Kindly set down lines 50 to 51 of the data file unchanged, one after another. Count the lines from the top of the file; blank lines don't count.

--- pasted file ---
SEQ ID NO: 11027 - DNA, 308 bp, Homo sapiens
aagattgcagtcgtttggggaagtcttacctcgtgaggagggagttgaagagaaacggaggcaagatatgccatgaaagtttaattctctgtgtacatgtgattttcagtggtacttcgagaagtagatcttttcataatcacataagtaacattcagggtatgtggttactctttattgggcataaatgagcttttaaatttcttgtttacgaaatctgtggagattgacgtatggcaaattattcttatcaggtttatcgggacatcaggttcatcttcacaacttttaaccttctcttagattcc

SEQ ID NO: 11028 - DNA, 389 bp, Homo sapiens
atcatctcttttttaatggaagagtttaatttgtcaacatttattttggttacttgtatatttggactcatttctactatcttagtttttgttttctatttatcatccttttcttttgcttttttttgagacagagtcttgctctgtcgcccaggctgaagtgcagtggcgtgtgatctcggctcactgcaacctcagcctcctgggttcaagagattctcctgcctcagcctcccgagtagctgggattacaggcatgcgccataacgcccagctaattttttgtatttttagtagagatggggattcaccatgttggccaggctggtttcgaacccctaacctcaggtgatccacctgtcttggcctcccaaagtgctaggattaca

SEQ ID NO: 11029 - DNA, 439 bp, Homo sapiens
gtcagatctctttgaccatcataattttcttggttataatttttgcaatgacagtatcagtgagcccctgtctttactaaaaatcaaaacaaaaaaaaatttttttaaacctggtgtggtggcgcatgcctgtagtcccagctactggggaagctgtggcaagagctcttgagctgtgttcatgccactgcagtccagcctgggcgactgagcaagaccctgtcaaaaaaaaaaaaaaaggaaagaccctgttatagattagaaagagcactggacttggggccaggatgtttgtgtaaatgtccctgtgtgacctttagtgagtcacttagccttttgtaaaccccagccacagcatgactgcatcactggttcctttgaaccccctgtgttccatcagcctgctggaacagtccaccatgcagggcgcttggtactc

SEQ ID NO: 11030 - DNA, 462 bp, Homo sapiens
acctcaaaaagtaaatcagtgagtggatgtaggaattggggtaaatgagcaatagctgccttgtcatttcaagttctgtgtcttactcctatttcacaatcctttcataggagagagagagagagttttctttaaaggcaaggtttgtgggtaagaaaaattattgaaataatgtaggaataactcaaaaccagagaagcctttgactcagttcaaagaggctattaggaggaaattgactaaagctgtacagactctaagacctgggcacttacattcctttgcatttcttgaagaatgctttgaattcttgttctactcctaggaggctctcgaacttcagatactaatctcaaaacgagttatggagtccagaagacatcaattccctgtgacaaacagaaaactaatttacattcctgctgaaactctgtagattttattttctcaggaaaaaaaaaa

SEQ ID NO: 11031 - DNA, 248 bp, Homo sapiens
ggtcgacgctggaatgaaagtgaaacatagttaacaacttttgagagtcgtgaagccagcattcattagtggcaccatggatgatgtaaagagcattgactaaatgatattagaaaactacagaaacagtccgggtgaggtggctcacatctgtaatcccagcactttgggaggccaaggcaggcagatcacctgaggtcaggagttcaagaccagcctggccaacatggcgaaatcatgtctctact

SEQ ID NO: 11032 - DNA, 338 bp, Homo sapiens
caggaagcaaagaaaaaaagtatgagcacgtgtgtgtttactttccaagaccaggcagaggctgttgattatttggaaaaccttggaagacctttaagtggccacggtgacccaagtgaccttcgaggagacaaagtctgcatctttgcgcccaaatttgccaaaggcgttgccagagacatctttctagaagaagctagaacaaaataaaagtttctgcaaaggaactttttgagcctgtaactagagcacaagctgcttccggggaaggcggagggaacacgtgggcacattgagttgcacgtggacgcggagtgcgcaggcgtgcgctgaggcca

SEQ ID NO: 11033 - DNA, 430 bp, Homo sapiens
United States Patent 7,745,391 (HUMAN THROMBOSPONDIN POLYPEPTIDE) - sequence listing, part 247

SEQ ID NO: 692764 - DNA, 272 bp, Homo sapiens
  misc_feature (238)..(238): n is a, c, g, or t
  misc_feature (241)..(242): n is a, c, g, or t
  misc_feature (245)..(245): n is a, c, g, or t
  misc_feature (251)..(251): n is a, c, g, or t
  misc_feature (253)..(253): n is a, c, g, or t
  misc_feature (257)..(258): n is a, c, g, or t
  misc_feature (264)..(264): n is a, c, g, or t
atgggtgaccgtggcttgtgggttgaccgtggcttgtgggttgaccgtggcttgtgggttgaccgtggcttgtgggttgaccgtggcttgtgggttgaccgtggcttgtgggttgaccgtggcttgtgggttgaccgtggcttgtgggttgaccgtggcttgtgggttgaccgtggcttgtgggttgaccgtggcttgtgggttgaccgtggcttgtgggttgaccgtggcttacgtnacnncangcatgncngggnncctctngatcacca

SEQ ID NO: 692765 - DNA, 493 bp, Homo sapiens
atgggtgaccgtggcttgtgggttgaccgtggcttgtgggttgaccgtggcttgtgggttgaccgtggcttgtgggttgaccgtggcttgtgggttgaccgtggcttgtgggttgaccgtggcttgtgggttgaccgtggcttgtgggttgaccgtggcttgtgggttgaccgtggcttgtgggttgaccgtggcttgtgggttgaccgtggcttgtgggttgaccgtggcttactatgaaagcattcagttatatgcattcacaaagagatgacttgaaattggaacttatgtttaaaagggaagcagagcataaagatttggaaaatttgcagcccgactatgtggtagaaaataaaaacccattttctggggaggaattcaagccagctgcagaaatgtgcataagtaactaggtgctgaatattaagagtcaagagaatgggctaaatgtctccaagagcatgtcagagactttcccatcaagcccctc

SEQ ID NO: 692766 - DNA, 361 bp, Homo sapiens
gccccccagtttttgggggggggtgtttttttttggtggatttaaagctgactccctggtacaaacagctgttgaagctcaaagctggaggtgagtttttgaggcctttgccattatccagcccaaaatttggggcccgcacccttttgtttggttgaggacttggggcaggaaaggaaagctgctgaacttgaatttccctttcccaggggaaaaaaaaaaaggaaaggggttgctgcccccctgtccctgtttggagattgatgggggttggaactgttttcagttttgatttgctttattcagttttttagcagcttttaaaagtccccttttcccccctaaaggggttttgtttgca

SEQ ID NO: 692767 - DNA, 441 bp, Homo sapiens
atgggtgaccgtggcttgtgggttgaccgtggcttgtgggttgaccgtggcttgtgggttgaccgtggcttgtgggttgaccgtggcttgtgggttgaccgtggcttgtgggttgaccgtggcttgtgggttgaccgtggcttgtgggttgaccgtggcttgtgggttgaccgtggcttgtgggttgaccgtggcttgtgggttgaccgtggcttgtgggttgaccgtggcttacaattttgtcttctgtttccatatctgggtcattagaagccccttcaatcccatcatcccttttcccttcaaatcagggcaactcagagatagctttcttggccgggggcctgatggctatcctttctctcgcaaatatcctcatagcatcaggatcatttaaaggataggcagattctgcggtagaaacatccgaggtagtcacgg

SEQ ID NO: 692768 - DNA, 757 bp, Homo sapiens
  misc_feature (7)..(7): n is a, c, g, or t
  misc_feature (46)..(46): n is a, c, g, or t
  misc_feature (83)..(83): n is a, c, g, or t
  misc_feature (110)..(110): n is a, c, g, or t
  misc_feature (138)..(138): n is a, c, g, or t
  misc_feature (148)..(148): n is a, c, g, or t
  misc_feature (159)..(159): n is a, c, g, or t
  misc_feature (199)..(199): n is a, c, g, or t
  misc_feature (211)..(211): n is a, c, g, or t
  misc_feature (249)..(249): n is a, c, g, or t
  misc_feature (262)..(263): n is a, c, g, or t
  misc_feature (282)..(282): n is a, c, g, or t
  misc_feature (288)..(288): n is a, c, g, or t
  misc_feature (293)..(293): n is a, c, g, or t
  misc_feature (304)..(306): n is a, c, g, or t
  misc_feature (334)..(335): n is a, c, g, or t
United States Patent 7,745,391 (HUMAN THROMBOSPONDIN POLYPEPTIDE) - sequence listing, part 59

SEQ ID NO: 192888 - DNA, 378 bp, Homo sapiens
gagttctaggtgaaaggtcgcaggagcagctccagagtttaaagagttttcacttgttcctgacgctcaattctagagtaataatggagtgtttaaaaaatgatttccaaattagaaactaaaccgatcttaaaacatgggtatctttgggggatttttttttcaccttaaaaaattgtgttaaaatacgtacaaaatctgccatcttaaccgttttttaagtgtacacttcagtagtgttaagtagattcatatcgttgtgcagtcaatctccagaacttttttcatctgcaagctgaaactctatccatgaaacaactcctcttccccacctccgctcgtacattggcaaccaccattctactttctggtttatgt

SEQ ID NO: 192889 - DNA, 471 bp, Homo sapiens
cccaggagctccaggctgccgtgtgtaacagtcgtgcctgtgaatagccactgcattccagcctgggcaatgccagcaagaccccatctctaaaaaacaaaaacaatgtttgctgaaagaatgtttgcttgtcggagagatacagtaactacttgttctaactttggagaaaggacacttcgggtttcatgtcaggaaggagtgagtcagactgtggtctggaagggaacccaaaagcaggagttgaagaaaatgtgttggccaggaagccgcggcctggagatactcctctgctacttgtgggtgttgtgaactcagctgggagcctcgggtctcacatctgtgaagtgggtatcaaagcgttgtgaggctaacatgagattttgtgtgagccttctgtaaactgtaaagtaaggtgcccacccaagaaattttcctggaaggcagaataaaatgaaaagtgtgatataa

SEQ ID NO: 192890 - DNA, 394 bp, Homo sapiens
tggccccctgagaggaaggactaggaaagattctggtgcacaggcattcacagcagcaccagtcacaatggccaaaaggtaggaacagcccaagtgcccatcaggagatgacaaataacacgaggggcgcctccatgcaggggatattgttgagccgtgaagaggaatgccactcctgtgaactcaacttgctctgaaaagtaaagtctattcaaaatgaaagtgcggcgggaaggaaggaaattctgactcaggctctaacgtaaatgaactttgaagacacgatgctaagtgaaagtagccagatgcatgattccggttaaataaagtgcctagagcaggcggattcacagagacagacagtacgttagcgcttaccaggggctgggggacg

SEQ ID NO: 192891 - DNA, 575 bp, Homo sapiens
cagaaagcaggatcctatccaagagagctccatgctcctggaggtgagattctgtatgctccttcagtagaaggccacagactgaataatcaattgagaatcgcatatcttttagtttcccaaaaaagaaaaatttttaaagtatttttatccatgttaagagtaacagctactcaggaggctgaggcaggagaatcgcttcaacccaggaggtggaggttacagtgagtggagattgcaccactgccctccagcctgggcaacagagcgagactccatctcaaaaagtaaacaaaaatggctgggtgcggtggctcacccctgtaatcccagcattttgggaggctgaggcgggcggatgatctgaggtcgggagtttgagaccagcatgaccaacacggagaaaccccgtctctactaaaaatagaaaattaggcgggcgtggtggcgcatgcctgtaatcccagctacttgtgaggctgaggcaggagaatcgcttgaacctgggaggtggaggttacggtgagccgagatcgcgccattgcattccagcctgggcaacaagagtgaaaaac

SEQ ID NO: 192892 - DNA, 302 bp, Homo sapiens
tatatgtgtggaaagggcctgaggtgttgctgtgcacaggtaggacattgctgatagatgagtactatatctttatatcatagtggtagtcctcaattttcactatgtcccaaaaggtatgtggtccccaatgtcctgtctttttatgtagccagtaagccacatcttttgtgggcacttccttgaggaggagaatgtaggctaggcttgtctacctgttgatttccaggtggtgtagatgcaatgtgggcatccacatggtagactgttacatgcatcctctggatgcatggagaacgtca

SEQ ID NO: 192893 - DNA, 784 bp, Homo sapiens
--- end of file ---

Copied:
SEQ ID NO: 192889 - DNA, 471 bp, Homo sapiens
cccaggagctccaggctgccgtgtgtaacagtcgtgcctgtgaatagccactgcattccagcctgggcaatgccagcaagaccccatctctaaaaaacaaaaacaatgtttgctgaaagaatgtttgcttgtcggagagatacagtaactacttgttctaactttggagaaaggacacttcgggtttcatgtcaggaaggagtgagtcagactgtggtctggaagggaacccaaaagcaggagttgaagaaaatgtgttggccaggaagccgcggcctggagatactcctctgctacttgtgggtgttgtgaactcagctgggagcctcgggtctcacatctgtgaagtgggtatcaaagcgttgtgaggctaacatgagattttgtgtgagccttctgtaaactgtaaagtaaggtgcccacccaagaaattttcctggaaggcagaataaaatgaaaagtgtgatataa